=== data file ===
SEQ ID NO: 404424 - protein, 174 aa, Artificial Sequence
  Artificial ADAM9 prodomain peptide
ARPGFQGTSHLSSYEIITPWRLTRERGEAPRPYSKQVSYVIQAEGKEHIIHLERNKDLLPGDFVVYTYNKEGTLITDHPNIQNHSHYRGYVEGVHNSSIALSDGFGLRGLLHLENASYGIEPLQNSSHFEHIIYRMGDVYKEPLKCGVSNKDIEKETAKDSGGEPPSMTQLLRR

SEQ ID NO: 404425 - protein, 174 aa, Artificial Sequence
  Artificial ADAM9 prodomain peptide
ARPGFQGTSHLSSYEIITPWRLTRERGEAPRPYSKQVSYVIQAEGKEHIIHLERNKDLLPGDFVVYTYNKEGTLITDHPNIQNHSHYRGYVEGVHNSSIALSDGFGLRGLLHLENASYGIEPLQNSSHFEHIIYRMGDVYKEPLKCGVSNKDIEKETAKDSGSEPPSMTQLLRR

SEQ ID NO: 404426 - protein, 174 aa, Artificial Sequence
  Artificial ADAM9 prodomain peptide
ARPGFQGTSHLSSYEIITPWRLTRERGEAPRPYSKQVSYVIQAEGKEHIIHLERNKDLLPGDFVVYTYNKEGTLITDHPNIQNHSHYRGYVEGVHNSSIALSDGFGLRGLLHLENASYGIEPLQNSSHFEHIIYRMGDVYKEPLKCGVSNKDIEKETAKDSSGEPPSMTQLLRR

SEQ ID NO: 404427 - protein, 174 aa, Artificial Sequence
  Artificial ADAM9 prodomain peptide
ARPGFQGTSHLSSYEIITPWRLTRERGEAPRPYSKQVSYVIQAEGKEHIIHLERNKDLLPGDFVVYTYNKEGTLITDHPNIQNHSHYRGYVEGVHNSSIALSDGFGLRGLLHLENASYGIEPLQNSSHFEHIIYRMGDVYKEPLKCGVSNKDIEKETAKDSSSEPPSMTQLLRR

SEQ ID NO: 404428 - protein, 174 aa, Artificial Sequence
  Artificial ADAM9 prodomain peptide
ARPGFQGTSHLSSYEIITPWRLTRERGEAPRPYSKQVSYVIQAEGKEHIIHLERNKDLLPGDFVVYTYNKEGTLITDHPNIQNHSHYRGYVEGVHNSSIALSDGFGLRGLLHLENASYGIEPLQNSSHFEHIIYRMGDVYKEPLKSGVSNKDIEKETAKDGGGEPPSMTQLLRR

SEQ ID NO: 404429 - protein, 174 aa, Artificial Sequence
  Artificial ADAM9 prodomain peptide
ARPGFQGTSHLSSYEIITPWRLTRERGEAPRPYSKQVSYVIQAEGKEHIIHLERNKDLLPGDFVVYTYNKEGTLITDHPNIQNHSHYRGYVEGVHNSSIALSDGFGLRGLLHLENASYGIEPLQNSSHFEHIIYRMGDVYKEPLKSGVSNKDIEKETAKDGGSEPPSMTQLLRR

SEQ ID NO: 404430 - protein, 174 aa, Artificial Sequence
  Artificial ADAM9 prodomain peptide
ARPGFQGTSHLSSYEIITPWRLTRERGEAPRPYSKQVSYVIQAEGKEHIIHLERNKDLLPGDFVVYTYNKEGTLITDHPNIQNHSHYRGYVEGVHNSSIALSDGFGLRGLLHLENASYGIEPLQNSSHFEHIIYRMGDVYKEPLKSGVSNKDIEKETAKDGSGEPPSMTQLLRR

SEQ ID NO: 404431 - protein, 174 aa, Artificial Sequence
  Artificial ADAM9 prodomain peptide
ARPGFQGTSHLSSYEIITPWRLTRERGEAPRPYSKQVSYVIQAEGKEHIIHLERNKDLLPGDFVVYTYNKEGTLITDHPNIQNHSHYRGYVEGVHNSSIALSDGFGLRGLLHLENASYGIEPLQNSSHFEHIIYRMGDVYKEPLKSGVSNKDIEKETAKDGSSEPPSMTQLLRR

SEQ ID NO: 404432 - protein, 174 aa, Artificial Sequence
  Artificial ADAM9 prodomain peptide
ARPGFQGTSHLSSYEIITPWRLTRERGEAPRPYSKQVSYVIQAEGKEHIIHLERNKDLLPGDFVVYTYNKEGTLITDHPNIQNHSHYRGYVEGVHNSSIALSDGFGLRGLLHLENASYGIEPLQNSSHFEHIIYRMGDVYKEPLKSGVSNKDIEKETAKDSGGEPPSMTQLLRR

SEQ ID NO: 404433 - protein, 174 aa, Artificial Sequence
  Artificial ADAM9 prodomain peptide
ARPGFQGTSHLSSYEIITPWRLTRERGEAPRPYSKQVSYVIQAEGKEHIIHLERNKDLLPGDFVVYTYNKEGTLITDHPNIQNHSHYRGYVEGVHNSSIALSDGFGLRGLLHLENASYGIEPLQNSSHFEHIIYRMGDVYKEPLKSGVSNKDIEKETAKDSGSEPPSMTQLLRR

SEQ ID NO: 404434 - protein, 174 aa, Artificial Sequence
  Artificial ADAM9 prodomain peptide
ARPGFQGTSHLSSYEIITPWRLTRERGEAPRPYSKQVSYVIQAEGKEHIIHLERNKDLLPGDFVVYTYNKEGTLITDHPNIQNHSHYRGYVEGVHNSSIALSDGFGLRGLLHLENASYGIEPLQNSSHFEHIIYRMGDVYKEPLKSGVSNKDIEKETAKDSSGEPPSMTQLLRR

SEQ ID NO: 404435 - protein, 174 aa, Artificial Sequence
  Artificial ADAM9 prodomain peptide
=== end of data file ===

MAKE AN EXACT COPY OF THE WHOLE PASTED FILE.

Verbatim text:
SEQ ID NO: 404424 - protein, 174 aa, Artificial Sequence
  Artificial ADAM9 prodomain peptide
ARPGFQGTSHLSSYEIITPWRLTRERGEAPRPYSKQVSYVIQAEGKEHIIHLERNKDLLPGDFVVYTYNKEGTLITDHPNIQNHSHYRGYVEGVHNSSIALSDGFGLRGLLHLENASYGIEPLQNSSHFEHIIYRMGDVYKEPLKCGVSNKDIEKETAKDSGGEPPSMTQLLRR

SEQ ID NO: 404425 - protein, 174 aa, Artificial Sequence
  Artificial ADAM9 prodomain peptide
ARPGFQGTSHLSSYEIITPWRLTRERGEAPRPYSKQVSYVIQAEGKEHIIHLERNKDLLPGDFVVYTYNKEGTLITDHPNIQNHSHYRGYVEGVHNSSIALSDGFGLRGLLHLENASYGIEPLQNSSHFEHIIYRMGDVYKEPLKCGVSNKDIEKETAKDSGSEPPSMTQLLRR

SEQ ID NO: 404426 - protein, 174 aa, Artificial Sequence
  Artificial ADAM9 prodomain peptide
ARPGFQGTSHLSSYEIITPWRLTRERGEAPRPYSKQVSYVIQAEGKEHIIHLERNKDLLPGDFVVYTYNKEGTLITDHPNIQNHSHYRGYVEGVHNSSIALSDGFGLRGLLHLENASYGIEPLQNSSHFEHIIYRMGDVYKEPLKCGVSNKDIEKETAKDSSGEPPSMTQLLRR

SEQ ID NO: 404427 - protein, 174 aa, Artificial Sequence
  Artificial ADAM9 prodomain peptide
ARPGFQGTSHLSSYEIITPWRLTRERGEAPRPYSKQVSYVIQAEGKEHIIHLERNKDLLPGDFVVYTYNKEGTLITDHPNIQNHSHYRGYVEGVHNSSIALSDGFGLRGLLHLENASYGIEPLQNSSHFEHIIYRMGDVYKEPLKCGVSNKDIEKETAKDSSSEPPSMTQLLRR

SEQ ID NO: 404428 - protein, 174 aa, Artificial Sequence
  Artificial ADAM9 prodomain peptide
ARPGFQGTSHLSSYEIITPWRLTRERGEAPRPYSKQVSYVIQAEGKEHIIHLERNKDLLPGDFVVYTYNKEGTLITDHPNIQNHSHYRGYVEGVHNSSIALSDGFGLRGLLHLENASYGIEPLQNSSHFEHIIYRMGDVYKEPLKSGVSNKDIEKETAKDGGGEPPSMTQLLRR

SEQ ID NO: 404429 - protein, 174 aa, Artificial Sequence
  Artificial ADAM9 prodomain peptide
ARPGFQGTSHLSSYEIITPWRLTRERGEAPRPYSKQVSYVIQAEGKEHIIHLERNKDLLPGDFVVYTYNKEGTLITDHPNIQNHSHYRGYVEGVHNSSIALSDGFGLRGLLHLENASYGIEPLQNSSHFEHIIYRMGDVYKEPLKSGVSNKDIEKETAKDGGSEPPSMTQLLRR

SEQ ID NO: 404430 - protein, 174 aa, Artificial Sequence
  Artificial ADAM9 prodomain peptide
ARPGFQGTSHLSSYEIITPWRLTRERGEAPRPYSKQVSYVIQAEGKEHIIHLERNKDLLPGDFVVYTYNKEGTLITDHPNIQNHSHYRGYVEGVHNSSIALSDGFGLRGLLHLENASYGIEPLQNSSHFEHIIYRMGDVYKEPLKSGVSNKDIEKETAKDGSGEPPSMTQLLRR

SEQ ID NO: 404431 - protein, 174 aa, Artificial Sequence
  Artificial ADAM9 prodomain peptide
ARPGFQGTSHLSSYEIITPWRLTRERGEAPRPYSKQVSYVIQAEGKEHIIHLERNKDLLPGDFVVYTYNKEGTLITDHPNIQNHSHYRGYVEGVHNSSIALSDGFGLRGLLHLENASYGIEPLQNSSHFEHIIYRMGDVYKEPLKSGVSNKDIEKETAKDGSSEPPSMTQLLRR

SEQ ID NO: 404432 - protein, 174 aa, Artificial Sequence
  Artificial ADAM9 prodomain peptide
ARPGFQGTSHLSSYEIITPWRLTRERGEAPRPYSKQVSYVIQAEGKEHIIHLERNKDLLPGDFVVYTYNKEGTLITDHPNIQNHSHYRGYVEGVHNSSIALSDGFGLRGLLHLENASYGIEPLQNSSHFEHIIYRMGDVYKEPLKSGVSNKDIEKETAKDSGGEPPSMTQLLRR

SEQ ID NO: 404433 - protein, 174 aa, Artificial Sequence
  Artificial ADAM9 prodomain peptide
ARPGFQGTSHLSSYEIITPWRLTRERGEAPRPYSKQVSYVIQAEGKEHIIHLERNKDLLPGDFVVYTYNKEGTLITDHPNIQNHSHYRGYVEGVHNSSIALSDGFGLRGLLHLENASYGIEPLQNSSHFEHIIYRMGDVYKEPLKSGVSNKDIEKETAKDSGSEPPSMTQLLRR

SEQ ID NO: 404434 - protein, 174 aa, Artificial Sequence
  Artificial ADAM9 prodomain peptide
ARPGFQGTSHLSSYEIITPWRLTRERGEAPRPYSKQVSYVIQAEGKEHIIHLERNKDLLPGDFVVYTYNKEGTLITDHPNIQNHSHYRGYVEGVHNSSIALSDGFGLRGLLHLENASYGIEPLQNSSHFEHIIYRMGDVYKEPLKSGVSNKDIEKETAKDSSGEPPSMTQLLRR

SEQ ID NO: 404435 - protein, 174 aa, Artificial Sequence
  Artificial ADAM9 prodomain peptide